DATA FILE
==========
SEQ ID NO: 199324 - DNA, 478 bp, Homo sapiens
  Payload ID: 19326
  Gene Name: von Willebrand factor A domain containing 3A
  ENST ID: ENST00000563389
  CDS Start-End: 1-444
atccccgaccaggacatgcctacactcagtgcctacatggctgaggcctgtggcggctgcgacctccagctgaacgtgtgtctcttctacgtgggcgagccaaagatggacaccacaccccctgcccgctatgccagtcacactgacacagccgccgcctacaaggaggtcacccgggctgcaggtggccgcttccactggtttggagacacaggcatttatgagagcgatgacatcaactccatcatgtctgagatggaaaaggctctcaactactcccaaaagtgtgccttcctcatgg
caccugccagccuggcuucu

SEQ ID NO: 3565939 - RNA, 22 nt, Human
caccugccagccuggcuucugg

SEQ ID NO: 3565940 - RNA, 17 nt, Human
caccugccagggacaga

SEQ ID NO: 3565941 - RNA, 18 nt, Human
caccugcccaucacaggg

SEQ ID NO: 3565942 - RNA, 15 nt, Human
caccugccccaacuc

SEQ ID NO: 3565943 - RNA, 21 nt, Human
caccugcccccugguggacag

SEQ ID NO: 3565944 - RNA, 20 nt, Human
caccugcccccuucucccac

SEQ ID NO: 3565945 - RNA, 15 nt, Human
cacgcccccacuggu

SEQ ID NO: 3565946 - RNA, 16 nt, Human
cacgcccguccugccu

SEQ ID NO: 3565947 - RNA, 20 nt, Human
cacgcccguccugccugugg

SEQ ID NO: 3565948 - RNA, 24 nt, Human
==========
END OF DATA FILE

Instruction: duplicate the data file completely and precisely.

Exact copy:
SEQ ID NO: 199324 - DNA, 478 bp, Homo sapiens
  Payload ID: 19326
  Gene Name: von Willebrand factor A domain containing 3A
  ENST ID: ENST00000563389
  CDS Start-End: 1-444
atccccgaccaggacatgcctacactcagtgcctacatggctgaggcctgtggcggctgcgacctccagctgaacgtgtgtctcttctacgtgggcgagccaaagatggacaccacaccccctgcccgctatgccagtcacactgacacagccgccgcctacaaggaggtcacccgggctgcaggtggccgcttccactggtttggagacacaggcatttatgagagcgatgacatcaactccatcatgtctgagatggaaaaggctctcaactactcccaaaagtgtgccttcctcatgg
caccugccagccuggcuucu

SEQ ID NO: 3565939 - RNA, 22 nt, Human
caccugccagccuggcuucugg

SEQ ID NO: 3565940 - RNA, 17 nt, Human
caccugccagggacaga

SEQ ID NO: 3565941 - RNA, 18 nt, Human
caccugcccaucacaggg

SEQ ID NO: 3565942 - RNA, 15 nt, Human
caccugccccaacuc

SEQ ID NO: 3565943 - RNA, 21 nt, Human
caccugcccccugguggacag

SEQ ID NO: 3565944 - RNA, 20 nt, Human
caccugcccccuucucccac

SEQ ID NO: 3565945 - RNA, 15 nt, Human
cacgcccccacuggu

SEQ ID NO: 3565946 - RNA, 16 nt, Human
cacgcccguccugccu

SEQ ID NO: 3565947 - RNA, 20 nt, Human
cacgcccguccugccugugg

SEQ ID NO: 3565948 - RNA, 24 nt, Human